I thought I would rebuild the reproduction master cylinder once I recieved the rebuild kit and replace the temporary one sourced locally.
The fill and bleed procedure did not go to plan and I burned up two hours in the blink of an eye trying everything I know including, bench bleeding master cylinder, lever pumping with bleed nipple open, pumping and shutting bleed nipple on lever return, Letting it gravity drain with resorvior cap off and bleed nipple open, placing master cylinder below caliper and trying fill and bleed procedures again.

Still nothing. Fluid was just not being drawn into master cylinder.

I thought if I could pressurise the master cylinder it should work, so I removed the reservior from the master cylinder and used a syringe to force fluid into master cylinder whilst bleeding system.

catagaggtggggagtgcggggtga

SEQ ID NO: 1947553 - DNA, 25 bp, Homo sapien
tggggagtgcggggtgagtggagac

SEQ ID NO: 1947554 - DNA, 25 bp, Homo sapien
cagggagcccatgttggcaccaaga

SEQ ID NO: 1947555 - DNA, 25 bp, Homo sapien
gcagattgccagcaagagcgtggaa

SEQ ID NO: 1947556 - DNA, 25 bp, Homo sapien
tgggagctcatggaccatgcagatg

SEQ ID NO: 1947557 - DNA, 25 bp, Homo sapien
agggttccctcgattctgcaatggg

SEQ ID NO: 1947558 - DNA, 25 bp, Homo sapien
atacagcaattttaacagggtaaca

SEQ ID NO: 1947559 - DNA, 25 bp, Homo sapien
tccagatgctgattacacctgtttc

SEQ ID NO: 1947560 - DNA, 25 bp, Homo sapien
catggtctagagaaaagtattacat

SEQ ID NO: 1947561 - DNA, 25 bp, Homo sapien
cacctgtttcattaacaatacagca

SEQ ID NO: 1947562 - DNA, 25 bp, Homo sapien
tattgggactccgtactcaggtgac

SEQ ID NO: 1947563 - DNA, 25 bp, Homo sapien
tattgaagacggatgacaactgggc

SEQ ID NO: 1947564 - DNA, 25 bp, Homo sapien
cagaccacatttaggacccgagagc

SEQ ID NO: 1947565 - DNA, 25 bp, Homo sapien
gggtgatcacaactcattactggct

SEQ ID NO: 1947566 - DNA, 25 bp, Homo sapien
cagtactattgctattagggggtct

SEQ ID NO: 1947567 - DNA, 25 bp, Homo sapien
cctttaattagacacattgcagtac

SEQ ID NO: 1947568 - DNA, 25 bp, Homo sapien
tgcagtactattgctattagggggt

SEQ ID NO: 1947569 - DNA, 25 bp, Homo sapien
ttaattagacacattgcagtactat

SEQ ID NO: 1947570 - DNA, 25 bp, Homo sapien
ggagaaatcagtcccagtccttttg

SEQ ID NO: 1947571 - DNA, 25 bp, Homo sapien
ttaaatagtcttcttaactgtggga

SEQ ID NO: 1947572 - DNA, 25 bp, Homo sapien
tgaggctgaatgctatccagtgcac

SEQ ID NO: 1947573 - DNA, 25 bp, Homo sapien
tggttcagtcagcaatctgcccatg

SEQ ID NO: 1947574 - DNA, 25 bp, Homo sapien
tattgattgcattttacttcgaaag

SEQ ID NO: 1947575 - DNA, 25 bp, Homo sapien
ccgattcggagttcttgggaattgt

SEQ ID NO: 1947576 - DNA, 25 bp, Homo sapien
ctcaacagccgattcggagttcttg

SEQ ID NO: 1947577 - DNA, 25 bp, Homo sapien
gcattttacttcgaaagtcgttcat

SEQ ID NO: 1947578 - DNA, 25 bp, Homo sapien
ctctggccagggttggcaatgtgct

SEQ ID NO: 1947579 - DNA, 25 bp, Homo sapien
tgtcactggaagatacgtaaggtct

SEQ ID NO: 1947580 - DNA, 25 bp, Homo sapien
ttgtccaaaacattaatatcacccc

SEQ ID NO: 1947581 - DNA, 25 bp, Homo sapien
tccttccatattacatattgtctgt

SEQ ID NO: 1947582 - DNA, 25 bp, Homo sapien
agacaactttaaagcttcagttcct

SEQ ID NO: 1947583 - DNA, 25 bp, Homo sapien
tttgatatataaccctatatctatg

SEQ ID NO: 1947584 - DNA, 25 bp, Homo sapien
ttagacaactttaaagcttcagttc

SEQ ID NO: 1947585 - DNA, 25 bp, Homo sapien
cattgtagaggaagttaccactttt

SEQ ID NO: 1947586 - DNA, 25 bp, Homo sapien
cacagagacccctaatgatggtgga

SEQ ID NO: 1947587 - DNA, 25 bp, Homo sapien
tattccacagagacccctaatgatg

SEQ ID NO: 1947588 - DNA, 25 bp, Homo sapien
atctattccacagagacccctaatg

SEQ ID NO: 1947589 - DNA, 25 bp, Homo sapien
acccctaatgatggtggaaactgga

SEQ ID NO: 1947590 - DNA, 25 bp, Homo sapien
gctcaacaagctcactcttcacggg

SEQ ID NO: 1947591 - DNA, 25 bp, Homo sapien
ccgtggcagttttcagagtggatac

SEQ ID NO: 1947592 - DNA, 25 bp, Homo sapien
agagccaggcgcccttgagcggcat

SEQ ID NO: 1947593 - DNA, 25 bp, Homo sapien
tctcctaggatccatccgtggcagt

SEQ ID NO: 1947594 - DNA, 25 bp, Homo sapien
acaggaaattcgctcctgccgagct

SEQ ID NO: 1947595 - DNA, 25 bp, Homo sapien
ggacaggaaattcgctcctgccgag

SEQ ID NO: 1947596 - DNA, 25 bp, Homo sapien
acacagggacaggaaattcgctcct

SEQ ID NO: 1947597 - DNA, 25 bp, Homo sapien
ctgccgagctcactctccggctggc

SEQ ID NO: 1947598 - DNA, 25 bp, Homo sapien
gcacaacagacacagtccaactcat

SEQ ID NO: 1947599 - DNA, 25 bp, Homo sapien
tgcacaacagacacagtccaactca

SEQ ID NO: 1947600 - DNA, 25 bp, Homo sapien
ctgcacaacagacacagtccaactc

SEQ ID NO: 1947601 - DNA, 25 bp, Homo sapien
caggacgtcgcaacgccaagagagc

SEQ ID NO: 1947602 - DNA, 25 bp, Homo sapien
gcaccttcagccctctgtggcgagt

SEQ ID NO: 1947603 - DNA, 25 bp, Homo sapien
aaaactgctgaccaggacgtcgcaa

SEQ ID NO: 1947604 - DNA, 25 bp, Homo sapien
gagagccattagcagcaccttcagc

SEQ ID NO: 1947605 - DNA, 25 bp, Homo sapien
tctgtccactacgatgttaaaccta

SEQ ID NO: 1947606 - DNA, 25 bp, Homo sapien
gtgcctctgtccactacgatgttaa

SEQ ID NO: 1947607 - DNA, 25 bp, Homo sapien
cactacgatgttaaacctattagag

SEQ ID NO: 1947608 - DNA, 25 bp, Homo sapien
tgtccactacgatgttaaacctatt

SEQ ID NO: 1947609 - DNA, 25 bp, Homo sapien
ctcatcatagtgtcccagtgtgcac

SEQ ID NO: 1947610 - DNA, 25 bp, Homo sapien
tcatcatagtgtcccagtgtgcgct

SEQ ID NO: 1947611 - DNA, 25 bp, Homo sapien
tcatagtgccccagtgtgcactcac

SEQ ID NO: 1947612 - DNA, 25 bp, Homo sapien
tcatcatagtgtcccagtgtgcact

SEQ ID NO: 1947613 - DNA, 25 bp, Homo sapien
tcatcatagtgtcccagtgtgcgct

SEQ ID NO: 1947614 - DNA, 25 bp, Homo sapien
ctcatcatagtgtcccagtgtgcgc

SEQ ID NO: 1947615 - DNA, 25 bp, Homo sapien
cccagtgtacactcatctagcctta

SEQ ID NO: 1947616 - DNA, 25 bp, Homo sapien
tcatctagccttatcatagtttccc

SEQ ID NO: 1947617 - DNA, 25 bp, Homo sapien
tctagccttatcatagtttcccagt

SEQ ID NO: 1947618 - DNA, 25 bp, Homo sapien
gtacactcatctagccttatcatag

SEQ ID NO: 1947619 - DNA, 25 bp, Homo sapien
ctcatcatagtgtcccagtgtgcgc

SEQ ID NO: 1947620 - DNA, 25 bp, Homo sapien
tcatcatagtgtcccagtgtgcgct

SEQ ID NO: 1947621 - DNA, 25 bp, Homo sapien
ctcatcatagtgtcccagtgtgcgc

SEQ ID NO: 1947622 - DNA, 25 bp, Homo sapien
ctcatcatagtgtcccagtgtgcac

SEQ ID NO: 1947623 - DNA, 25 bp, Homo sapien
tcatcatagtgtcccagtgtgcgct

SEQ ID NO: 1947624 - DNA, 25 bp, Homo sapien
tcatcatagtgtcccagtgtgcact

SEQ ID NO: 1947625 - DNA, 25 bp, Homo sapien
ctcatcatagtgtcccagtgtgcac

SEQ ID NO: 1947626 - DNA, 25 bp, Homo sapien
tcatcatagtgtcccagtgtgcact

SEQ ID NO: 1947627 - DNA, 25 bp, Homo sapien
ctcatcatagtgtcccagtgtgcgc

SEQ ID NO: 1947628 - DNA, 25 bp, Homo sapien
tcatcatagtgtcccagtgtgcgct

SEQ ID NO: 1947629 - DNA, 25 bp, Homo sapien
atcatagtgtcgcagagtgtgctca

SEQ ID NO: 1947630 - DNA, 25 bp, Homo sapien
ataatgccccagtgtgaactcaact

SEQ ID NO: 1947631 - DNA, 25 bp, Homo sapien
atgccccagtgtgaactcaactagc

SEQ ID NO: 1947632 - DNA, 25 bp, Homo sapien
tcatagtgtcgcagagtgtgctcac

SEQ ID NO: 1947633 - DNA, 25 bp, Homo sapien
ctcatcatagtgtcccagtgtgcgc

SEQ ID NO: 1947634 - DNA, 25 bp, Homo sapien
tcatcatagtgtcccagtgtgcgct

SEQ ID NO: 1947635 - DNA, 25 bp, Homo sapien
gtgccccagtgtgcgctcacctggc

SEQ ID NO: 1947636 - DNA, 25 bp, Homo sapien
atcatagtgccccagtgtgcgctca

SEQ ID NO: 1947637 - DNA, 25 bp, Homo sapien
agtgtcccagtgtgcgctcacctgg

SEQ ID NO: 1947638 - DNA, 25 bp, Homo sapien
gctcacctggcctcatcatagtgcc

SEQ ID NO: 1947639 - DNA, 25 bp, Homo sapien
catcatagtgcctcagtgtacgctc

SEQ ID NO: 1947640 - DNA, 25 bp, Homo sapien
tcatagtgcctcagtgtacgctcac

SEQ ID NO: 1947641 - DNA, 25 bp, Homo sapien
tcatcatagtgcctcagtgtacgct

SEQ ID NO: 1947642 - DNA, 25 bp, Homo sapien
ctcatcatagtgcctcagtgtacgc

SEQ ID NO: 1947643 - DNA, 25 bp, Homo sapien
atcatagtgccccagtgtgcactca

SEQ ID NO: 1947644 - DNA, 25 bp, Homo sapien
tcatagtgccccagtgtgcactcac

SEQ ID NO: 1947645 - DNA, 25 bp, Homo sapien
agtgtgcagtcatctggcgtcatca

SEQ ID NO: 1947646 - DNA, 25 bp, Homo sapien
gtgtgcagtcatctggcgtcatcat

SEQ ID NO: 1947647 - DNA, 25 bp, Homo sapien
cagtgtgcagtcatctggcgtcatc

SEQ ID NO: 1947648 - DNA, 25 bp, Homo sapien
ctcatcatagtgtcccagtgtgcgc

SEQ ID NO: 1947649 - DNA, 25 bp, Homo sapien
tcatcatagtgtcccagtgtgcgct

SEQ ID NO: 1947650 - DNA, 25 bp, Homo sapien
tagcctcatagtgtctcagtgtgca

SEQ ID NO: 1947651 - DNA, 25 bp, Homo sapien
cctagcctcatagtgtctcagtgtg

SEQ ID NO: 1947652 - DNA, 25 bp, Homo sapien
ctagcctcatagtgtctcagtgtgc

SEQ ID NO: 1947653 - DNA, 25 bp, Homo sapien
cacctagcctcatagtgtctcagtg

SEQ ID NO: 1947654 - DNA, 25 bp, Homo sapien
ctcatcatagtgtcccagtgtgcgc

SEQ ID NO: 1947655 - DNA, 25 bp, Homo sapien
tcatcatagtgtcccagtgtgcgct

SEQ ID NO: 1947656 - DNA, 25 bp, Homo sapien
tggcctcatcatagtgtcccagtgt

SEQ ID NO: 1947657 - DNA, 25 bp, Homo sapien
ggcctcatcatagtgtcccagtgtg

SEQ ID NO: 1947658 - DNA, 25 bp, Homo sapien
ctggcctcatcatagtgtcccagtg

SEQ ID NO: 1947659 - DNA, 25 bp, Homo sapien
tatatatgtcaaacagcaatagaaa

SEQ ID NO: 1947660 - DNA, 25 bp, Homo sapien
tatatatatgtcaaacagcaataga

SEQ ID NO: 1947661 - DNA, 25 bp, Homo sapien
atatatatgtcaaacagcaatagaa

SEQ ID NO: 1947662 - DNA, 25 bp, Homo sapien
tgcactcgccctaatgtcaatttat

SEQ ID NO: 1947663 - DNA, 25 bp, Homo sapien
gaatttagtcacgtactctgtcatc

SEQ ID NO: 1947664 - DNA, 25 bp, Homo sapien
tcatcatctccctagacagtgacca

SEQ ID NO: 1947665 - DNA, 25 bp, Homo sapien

This seems to have worked although the lever is spongy my plan is to let it sit for a couple of days and let air bubbles migrate up to the master cylinder reservior. Then give it a final bleed and see what the lever feels like.
You should have used the syringe to pre-fill the brake line, while the brake line is on the bench.

That's how I do my brake lines and there is almost no bleeding required.

I had that idea too. In the above picture you can see the brake line disconnected from the caliper, at this point I bench bled /primed the master cylinder and brake line. Then re-connected and did the whole system with the syringe.
My inner pessimist is telling me the master cylinder is not that good. For $50 delivered it's probably no surprise.
After more time on this brake system issue of not being able to bleed effectively, I think I have come to a conclusion. The original master cylinder that was crusty and seized is 5/8, which I duly replaced with a reproduction period correct 5/8 master cylinder.
However 5/8 seems to be used on twin disk systems and 1/2 master cylinders were used for single disk bikes which mine is.